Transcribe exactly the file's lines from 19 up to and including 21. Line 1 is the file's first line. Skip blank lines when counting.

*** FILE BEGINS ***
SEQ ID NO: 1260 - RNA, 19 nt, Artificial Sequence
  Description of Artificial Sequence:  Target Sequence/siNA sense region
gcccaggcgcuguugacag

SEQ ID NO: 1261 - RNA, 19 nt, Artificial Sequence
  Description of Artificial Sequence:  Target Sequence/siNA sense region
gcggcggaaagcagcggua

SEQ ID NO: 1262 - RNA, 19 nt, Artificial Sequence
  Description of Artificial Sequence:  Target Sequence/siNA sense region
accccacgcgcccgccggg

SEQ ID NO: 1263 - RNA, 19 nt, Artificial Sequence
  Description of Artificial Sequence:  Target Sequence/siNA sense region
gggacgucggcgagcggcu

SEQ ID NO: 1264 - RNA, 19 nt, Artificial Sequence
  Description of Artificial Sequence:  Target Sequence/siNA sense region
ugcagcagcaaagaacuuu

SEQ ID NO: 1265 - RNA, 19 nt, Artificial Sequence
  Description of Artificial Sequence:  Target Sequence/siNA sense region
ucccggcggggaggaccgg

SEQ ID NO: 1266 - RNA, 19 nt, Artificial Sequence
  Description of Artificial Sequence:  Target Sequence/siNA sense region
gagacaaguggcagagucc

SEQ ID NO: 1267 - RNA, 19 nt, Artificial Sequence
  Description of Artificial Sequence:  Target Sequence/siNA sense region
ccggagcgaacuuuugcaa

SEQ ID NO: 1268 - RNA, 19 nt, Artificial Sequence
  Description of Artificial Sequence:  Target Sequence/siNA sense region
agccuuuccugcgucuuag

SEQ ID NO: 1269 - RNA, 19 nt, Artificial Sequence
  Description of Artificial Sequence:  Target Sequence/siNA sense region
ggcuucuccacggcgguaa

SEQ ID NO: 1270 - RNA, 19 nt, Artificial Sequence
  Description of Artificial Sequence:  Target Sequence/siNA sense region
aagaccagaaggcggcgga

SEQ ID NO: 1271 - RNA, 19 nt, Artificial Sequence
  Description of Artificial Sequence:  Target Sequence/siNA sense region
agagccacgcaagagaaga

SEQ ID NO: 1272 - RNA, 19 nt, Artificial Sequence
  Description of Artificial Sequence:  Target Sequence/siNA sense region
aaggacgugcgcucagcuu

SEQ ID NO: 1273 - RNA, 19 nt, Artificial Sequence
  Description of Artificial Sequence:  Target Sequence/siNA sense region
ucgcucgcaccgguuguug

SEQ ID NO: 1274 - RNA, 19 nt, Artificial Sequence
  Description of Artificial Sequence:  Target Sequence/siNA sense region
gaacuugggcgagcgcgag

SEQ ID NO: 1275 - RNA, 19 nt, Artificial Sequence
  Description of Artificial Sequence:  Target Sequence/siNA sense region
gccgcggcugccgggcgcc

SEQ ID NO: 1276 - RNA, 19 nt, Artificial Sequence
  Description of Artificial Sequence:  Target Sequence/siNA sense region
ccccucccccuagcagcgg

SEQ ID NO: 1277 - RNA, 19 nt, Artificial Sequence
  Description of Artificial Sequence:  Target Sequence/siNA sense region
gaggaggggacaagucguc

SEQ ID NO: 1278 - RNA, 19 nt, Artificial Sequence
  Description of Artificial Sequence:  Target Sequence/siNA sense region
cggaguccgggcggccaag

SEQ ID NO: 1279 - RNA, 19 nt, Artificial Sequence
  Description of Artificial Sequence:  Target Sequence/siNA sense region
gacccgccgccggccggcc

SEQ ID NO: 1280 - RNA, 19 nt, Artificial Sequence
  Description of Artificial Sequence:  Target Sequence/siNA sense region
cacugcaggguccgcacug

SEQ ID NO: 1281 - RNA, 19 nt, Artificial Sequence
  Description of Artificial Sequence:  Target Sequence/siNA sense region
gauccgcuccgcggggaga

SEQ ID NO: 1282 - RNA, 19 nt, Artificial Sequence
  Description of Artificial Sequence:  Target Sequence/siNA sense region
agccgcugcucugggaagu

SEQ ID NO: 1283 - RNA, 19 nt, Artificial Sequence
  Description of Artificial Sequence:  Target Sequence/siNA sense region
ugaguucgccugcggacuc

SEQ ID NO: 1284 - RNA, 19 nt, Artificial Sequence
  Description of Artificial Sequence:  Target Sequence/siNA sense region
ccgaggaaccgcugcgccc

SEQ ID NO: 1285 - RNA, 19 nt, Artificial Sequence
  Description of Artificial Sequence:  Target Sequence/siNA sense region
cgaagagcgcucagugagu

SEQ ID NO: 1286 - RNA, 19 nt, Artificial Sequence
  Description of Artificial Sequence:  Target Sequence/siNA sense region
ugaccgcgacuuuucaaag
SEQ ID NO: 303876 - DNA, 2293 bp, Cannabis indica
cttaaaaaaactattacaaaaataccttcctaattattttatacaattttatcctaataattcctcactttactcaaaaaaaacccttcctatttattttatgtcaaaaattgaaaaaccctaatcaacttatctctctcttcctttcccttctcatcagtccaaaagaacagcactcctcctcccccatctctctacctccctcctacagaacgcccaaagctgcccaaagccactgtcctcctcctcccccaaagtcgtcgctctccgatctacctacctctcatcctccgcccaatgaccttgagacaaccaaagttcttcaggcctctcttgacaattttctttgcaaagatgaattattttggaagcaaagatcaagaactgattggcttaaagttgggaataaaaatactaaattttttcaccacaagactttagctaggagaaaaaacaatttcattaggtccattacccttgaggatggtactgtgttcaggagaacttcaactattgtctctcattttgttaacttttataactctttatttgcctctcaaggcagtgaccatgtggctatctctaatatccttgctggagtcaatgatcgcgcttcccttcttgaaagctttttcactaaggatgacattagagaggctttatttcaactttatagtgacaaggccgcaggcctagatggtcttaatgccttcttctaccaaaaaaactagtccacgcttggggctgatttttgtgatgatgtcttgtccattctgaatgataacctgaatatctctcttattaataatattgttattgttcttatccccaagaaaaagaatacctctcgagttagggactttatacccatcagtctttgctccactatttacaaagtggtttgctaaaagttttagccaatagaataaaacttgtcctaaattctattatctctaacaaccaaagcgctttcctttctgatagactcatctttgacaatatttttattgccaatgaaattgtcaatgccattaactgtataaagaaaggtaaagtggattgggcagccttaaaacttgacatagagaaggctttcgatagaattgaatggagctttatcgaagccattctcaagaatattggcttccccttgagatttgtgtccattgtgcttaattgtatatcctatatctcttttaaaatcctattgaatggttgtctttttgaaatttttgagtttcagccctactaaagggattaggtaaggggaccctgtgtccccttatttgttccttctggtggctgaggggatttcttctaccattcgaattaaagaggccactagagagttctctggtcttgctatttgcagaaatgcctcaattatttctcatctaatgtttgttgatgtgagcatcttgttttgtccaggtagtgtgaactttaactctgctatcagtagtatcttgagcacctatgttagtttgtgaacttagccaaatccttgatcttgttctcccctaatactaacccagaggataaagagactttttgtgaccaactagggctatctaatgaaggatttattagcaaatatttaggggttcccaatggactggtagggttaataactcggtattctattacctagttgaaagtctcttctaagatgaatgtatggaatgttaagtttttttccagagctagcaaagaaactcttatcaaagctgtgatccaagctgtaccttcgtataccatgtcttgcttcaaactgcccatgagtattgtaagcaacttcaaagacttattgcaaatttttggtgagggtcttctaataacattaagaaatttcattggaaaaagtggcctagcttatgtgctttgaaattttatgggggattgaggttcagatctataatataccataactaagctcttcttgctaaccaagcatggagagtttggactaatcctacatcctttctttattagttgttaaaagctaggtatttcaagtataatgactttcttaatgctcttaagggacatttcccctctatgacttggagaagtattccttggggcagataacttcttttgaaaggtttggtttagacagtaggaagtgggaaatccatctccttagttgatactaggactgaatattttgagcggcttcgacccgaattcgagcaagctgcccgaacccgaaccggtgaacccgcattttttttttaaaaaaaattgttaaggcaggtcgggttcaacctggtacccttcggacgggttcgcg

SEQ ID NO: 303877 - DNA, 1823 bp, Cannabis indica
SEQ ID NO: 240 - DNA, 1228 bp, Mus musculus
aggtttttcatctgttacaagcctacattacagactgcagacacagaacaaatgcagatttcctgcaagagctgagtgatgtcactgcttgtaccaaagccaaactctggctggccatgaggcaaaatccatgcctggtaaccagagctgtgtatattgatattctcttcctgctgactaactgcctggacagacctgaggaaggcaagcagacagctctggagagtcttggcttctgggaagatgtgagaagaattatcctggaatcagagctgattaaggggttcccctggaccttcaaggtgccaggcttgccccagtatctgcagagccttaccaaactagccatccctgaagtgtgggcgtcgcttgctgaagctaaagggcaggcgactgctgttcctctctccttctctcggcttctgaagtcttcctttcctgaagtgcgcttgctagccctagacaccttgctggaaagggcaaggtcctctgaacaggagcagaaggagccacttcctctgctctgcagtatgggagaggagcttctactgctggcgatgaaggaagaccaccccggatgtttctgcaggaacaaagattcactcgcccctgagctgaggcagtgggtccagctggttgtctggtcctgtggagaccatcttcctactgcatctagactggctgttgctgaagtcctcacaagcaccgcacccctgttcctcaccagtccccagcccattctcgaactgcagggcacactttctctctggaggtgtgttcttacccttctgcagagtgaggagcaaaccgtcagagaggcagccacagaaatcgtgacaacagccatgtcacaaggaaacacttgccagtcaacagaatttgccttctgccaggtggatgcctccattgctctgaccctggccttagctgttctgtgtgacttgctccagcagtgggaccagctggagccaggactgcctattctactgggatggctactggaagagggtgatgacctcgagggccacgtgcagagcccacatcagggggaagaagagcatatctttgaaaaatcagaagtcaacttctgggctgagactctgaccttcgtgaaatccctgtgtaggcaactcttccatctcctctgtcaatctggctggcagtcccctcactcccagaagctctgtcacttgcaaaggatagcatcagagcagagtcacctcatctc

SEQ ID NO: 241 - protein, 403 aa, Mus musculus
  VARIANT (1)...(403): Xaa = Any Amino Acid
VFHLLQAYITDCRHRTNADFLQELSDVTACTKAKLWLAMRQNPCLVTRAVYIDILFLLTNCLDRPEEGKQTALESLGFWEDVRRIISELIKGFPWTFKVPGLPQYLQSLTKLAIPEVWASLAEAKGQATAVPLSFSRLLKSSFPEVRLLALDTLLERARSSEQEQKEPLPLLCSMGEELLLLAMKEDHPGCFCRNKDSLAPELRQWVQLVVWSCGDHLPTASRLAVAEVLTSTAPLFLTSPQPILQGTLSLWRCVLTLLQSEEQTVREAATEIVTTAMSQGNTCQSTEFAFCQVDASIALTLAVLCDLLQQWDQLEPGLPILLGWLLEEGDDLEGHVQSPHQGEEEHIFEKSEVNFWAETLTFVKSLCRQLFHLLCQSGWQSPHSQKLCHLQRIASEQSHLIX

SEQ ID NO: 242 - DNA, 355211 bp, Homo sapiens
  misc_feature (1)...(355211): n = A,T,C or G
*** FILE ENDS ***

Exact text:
SEQ ID NO: 1266 - RNA, 19 nt, Artificial Sequence
  Description of Artificial Sequence:  Target Sequence/siNA sense region
gagacaaguggcagagucc